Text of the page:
Small businesses on trade credit with suppliers and vendors may be at risk of being unable to pay for goods and services. Get ahead of this by approaching them to negotiate new terms. Although times are tough for your business, we do not recommend attempting any hardball negotiation tactics as it is likely to backfire and undo the business relationship you may have nurtured for years. Additionally, it is likely that they themselves are also struggling during this unprecedented time, so your request for adjusted terms are more likely to be met with understanding.
Pausing the contract without penalties may be an option for you to put on the discussion table. If not, spend some time researching other suppliers and vendors whose pricing and payment terms may be more suitable for you for the time being.
4. Request loan forbearance or deferred payments
Forbearance is repayment relief granted by the lender or the creditor to temporarily suspend the payment of a loan in a specific time period. In light of the pandemic’s economic toll on finances, many lenders and creditors are offering special repayment options on a variety of debts from small business loans to mortgages. They may allow you to decrease or defer payments for up to 12 months.
Remember that there are no federal guidelines that specify what the terms for forbearance agreements should be. Thus, we highly encourage you to speak directly to your lender or creditor to find out what options are available to you. It is important to clarify the details of the repayment plan. For instance, will interest still be accrued during the deferral period? If so, is it the same interest rate? Will you still be charged late fees? How will your forbearance agreement be reported to the national credit bureaus? Will the agreement impact your personal and/or business credit scores?
We highly recommend speaking to your lender or creditor as soon as possible lest you miss a payment before an agreement can be reached and thereby compromise your credit standing.
5. Review force majeure clauses in your business contracts
A force majeure event is commonly referred to as an act of God or an event that is outside your reasonable control and prevents you from fulfilling your contractual obligations. A force majeure clause is found in most commercial contracts and if invoked, allows you to suspend or terminate your contractual obligations.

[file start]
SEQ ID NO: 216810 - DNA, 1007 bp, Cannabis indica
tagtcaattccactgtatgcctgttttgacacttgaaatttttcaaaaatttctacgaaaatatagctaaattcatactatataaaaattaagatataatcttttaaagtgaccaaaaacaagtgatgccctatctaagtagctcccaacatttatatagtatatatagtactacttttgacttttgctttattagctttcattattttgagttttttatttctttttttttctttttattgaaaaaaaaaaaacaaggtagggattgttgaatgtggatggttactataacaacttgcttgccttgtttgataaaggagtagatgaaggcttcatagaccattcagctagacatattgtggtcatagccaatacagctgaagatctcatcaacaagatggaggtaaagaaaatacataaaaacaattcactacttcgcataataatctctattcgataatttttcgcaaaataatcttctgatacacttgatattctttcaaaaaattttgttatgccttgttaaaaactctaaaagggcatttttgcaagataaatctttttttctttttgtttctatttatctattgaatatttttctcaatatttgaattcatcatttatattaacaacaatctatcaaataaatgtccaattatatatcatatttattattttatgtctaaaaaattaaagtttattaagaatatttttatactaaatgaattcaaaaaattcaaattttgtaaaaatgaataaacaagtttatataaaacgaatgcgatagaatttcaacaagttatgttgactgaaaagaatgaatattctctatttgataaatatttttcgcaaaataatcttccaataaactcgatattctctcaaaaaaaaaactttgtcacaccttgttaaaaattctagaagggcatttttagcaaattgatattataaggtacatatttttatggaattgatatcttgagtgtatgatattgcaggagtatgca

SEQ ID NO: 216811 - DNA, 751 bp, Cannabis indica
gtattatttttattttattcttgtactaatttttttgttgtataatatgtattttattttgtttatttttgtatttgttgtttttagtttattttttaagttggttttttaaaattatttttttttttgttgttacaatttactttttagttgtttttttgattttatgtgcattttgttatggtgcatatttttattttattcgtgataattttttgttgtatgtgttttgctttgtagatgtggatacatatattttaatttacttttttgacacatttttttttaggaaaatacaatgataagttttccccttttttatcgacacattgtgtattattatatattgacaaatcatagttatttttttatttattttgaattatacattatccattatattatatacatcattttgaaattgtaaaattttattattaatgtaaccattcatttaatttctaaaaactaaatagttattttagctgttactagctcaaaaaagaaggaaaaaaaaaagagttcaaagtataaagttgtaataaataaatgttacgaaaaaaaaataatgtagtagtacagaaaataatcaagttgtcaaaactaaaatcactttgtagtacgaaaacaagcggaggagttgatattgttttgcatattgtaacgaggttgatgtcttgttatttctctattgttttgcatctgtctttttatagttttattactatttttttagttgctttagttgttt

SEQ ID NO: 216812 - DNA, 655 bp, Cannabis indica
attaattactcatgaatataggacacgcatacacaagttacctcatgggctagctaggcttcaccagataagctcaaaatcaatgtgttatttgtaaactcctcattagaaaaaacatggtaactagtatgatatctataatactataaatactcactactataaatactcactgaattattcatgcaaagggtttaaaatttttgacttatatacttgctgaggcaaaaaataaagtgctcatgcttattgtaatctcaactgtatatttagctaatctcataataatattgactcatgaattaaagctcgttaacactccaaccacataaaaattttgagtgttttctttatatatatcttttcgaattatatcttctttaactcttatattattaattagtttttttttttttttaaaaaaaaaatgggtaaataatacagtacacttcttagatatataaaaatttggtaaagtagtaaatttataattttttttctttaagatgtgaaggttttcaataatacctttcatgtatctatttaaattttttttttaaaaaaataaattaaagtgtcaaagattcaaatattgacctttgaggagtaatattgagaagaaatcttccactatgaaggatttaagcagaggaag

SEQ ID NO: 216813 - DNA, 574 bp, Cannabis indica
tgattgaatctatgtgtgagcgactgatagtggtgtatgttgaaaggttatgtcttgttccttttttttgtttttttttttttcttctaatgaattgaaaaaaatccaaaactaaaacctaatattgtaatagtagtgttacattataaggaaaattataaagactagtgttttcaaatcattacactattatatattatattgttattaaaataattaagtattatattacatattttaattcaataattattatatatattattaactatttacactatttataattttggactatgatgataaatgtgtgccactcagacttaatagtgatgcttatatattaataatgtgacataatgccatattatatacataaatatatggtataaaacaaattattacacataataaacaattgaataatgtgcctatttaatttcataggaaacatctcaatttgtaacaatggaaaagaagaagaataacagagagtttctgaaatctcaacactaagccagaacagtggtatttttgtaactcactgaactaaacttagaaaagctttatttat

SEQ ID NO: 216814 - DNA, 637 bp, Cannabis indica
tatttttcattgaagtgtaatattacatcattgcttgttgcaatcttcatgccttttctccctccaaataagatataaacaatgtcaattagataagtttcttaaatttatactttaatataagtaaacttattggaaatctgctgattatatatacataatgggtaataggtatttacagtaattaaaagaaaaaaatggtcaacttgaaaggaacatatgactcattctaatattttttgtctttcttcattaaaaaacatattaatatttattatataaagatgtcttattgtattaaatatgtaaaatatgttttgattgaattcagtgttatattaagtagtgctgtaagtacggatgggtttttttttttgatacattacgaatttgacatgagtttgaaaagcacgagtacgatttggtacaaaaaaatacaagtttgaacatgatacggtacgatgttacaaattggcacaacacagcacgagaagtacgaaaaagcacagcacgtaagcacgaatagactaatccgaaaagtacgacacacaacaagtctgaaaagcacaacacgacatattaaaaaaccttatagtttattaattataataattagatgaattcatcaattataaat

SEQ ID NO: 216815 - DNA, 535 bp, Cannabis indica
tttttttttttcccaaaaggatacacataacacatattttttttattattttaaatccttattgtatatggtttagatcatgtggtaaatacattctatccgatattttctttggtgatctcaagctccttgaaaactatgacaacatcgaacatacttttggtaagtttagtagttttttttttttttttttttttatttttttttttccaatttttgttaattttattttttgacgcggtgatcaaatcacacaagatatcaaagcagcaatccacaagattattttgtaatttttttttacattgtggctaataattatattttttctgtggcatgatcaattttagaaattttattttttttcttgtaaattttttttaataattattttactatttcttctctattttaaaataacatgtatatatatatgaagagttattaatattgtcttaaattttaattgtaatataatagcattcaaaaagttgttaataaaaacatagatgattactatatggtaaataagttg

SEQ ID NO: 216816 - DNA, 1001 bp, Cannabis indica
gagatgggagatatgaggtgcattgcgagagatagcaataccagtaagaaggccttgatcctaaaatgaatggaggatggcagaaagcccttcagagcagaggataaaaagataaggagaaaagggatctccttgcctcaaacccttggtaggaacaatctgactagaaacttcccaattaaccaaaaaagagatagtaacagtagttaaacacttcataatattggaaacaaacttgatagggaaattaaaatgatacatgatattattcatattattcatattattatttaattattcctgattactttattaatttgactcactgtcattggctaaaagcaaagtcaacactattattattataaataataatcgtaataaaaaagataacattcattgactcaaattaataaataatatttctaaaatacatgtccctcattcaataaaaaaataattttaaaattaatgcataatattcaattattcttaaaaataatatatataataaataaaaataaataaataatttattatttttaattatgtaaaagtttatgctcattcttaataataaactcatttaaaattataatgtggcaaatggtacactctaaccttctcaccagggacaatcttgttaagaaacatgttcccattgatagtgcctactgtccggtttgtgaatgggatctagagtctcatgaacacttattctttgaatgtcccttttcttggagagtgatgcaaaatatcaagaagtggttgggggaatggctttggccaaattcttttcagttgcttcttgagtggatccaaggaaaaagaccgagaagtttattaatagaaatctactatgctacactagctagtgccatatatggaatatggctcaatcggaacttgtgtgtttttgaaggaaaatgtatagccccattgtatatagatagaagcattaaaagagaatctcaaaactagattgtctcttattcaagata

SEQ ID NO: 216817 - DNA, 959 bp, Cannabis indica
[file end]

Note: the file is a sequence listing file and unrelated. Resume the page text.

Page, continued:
The force majeure provision will differ from contract to contract depending on how it is worded and the context of the contract’s legislation. There are three aspects to consider in this regard: if COVID-19 is considered a force majeure event, how the clause should be invoked, and what are the obligations of both parties moving forward.
You would need to review each contract individually and find out if the clause in your contract states epidemics or pandemics as a force majeure event. If not, all parties involved will have to decide on the interpretation of the clause and if COVID-19 is one such event. You will also need to find out what the requirements are for invoking the force majeure clause. Some clauses require you to give the other party written notice while some will be automatically invoked. If the clause is invoked, find out if your obligations are suspended for a certain period or if you are allowed to terminate the contract.
In the same pandemic survey cited above, it was found that over 80% of small U.S. companies expected the COVID-19 pandemic to affect their business over the next 12 to 16 months, while 90% are bracing for an economic slowdown. As the world’s health systems race to contain COVID-19 and develop a vaccine, there are steps that you can take to improve your business’s chance of surviving past the crisis.